Path to Revolution
Following the French and Indian War, the British government wanted to recover some of the money lost during the war through extensive taxation on the colonists, but without colonist representation in Parliament. These taxes included the Stamp Act, Tea Act and Townsend Acts. The colonists were angered by the amount of taxation and some were vocal in their disapproval. In Boston, some colonists boarded a ship carrying tea and dumped it into the Boston Harbor in protest.
In response to the Boston Tea Party, King George III instituted the Intolerable Acts. These acts included the Quartering Act, which required colonists to quarter British soldiers in their homes. This further angered the colonists and precipitated the formation of the First Continental Congress.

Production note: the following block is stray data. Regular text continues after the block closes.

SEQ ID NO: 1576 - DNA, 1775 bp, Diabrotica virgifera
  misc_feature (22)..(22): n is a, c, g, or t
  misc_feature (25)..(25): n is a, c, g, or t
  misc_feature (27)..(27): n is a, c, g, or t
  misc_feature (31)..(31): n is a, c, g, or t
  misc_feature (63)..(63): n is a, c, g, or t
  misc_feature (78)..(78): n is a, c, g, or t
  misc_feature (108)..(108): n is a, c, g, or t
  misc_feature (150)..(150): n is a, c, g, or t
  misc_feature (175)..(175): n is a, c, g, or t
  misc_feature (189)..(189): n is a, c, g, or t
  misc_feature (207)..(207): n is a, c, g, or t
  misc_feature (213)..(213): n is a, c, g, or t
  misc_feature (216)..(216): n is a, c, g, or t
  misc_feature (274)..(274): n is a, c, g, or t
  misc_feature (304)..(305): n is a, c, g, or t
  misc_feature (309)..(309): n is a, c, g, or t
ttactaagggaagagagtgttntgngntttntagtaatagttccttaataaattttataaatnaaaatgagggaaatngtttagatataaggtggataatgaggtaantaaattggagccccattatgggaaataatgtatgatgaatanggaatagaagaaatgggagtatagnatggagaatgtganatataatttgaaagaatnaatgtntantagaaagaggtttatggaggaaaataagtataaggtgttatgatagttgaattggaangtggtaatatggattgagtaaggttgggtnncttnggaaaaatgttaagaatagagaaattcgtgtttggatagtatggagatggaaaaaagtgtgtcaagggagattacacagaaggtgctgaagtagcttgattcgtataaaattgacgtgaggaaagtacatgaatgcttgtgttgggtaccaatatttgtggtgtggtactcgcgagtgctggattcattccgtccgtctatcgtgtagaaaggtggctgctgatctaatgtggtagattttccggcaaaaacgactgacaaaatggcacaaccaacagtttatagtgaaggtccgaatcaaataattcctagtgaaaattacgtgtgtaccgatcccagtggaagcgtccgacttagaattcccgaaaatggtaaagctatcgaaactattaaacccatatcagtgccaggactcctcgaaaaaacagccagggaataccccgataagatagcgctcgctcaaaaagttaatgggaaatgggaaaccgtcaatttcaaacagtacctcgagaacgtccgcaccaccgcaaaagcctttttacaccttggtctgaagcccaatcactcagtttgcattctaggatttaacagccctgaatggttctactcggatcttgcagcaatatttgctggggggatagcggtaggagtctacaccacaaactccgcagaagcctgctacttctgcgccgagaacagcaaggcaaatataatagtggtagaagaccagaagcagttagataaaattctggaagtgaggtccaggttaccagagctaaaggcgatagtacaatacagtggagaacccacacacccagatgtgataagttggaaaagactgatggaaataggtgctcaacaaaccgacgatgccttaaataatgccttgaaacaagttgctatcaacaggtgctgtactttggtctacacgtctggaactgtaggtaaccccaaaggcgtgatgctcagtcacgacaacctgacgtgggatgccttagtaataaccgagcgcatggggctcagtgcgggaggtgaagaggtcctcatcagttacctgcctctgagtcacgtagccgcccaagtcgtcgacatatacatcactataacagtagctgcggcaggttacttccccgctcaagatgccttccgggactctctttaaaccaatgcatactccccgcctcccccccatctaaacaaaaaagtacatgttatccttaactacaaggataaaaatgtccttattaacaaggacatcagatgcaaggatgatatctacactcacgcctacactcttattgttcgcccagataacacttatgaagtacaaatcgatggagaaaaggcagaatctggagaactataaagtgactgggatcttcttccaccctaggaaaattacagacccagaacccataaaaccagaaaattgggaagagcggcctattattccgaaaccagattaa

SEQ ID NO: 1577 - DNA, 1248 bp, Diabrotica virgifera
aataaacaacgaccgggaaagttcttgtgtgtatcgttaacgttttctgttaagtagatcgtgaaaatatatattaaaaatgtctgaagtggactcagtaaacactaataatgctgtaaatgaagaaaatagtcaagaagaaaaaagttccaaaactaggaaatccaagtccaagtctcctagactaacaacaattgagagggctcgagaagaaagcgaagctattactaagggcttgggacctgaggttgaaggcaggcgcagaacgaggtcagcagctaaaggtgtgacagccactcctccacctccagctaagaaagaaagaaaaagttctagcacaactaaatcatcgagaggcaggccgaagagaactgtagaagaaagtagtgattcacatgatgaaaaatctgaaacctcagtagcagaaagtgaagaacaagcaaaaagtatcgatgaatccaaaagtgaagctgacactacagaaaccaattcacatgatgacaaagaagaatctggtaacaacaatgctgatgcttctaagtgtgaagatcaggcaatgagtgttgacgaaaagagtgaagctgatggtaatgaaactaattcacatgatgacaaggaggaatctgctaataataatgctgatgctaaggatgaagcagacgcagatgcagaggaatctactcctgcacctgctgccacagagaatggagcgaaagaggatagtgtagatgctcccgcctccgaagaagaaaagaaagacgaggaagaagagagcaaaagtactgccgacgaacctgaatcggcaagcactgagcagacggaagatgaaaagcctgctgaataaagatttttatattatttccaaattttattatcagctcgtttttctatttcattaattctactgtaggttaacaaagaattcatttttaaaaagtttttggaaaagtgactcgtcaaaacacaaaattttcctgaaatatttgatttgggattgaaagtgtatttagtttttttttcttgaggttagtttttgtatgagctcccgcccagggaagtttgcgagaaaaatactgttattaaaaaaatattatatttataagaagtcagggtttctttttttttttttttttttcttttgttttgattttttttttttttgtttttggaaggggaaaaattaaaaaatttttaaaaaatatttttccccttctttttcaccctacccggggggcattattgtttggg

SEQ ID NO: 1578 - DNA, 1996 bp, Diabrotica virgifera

The First Continental Congress met in order to voice the colonists' complaints to the king and Parliament. In addition, the First Continental Congress worked to discourage the importation of English goods and to continue to resist British tyranny. This resistance reached a tipping point at the Battles of Lexington and Concord.
The Battles of Lexington and Concord were a culmination of the building tensions between the colonists and British soldiers. No one knows who shot first but the battles ended with casualties on both sides. This showed that although comparatively untrained, the militiamen were able to hold their own against the British army. In response the Second Continental Congress was formed to manage the war effort.
Before they disbanded, the First Continental Congress had made plans to meet again should there be a need. The Battles of Lexington and Concord therefore made the Second Continental Congress necessary in order to take control of the army, finance the war, pass legislation and serve as diplomats of the American cause. In addition, the Second Continental Congress adopted the most well know demonstration of American freedom, the Declaration of Independence.